Fig. 6. In remote areas inaccessible to commercial collectors, Paphiopedilum villosum is not rare and occurs as a lithophytic
herb forming large colonies on shady mossy vertical bluffs and on large boulders along rocky ridge edges and on mountain tops.
Fig. 7. Scheme of supposed natural hybridization of Paphiopedilum appletonianum and P. villosum in Vietnam (photographs of both parental species were made in their sympatric populations studied in the territory of southern Vietnam).
Ecology: Terrestrial and lithophytic clustering rosulate herb. Montane, wet, mossy, closed, evergreen, broad-leaved and coniferous primary forests on shale, sandstone and granite at elevations between 1,400–2,000 m a.s.l (4,600–6,500 feet).
Distribution: Vienam (Lam Dong Prov.).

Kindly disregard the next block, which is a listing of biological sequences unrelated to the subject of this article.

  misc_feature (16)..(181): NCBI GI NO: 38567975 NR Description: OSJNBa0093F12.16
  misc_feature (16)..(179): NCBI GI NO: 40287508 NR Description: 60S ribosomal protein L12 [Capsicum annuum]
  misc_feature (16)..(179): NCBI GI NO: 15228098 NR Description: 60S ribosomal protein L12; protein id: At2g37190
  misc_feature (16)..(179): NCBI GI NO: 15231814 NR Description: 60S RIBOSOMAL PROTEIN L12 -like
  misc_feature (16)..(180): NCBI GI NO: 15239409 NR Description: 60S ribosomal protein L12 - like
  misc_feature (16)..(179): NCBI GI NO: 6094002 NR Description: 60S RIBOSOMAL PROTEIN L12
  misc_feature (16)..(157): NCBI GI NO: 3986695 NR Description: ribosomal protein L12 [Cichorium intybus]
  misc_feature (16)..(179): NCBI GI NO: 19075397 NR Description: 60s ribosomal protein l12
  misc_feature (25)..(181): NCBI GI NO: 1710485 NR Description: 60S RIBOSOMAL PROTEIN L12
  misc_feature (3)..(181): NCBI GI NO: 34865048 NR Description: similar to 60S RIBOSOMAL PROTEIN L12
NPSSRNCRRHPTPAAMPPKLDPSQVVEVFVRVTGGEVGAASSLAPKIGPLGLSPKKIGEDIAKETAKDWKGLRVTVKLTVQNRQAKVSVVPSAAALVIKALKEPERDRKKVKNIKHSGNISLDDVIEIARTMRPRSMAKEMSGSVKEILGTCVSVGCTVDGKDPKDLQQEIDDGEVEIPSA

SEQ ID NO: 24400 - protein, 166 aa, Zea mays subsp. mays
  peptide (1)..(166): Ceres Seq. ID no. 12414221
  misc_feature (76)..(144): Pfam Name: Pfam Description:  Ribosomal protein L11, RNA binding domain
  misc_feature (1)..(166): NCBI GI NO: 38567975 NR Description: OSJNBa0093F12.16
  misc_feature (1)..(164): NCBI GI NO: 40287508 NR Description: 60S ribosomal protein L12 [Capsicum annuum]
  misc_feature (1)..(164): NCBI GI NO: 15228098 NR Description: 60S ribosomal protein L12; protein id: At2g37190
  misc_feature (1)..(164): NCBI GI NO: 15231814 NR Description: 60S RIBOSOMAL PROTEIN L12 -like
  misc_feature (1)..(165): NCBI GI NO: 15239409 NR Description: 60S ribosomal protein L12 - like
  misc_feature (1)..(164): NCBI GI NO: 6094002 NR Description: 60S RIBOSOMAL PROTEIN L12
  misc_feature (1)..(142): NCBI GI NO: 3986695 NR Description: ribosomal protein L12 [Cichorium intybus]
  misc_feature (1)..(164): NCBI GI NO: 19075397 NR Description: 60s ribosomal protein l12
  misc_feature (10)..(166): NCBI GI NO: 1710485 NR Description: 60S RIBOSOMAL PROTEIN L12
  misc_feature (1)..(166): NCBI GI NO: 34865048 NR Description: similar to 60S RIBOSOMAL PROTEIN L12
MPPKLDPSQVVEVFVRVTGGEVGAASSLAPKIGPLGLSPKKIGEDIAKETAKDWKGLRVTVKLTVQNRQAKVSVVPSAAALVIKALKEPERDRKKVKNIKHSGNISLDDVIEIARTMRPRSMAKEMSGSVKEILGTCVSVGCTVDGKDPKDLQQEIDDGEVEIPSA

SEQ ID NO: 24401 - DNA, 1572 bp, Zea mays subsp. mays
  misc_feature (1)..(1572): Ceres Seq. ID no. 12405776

Note: Paphiopedilum × cribbii, undoubtedly a natural hybrid of P. appletonianum (Gower) Rolfe and P. villosum (Lindl.) Stein, was found in the area were both species are common and form large sympatric populations, often in the same habitats. The type plant is morphologically intermediate in all features observed between its putative parental species, including the shape and coloration of the sepals, petals, lip and staminode, the hairiness of the stalk, floral bract and ovary as well as the tessellation and form of its leaves. The tall erect inflorescence stalk, typical for P. appletonianum, appears as a dominant feature of the hybrid plant. In other morphological features, the influence of parental species is more or less equal. Paphiopedilum × affine De Willd., a taxon of questionable hybrid origin, sometimes speculatively regarded as a possible hybrid of P. appletonianum and P. villosum (Cribb in Averyanov et al., 2003), has a maroonspotted dorsal sepal and undoubtedly cannot be a hybrid of these species which have no distinct spots on the median sepal. The description of P. ×affine indicates that this plant may rather represent any derivate of P. gratrixianum (Masters) Rolfe or hybrid of this species and a species with mottled leaves such as P. appletonianum.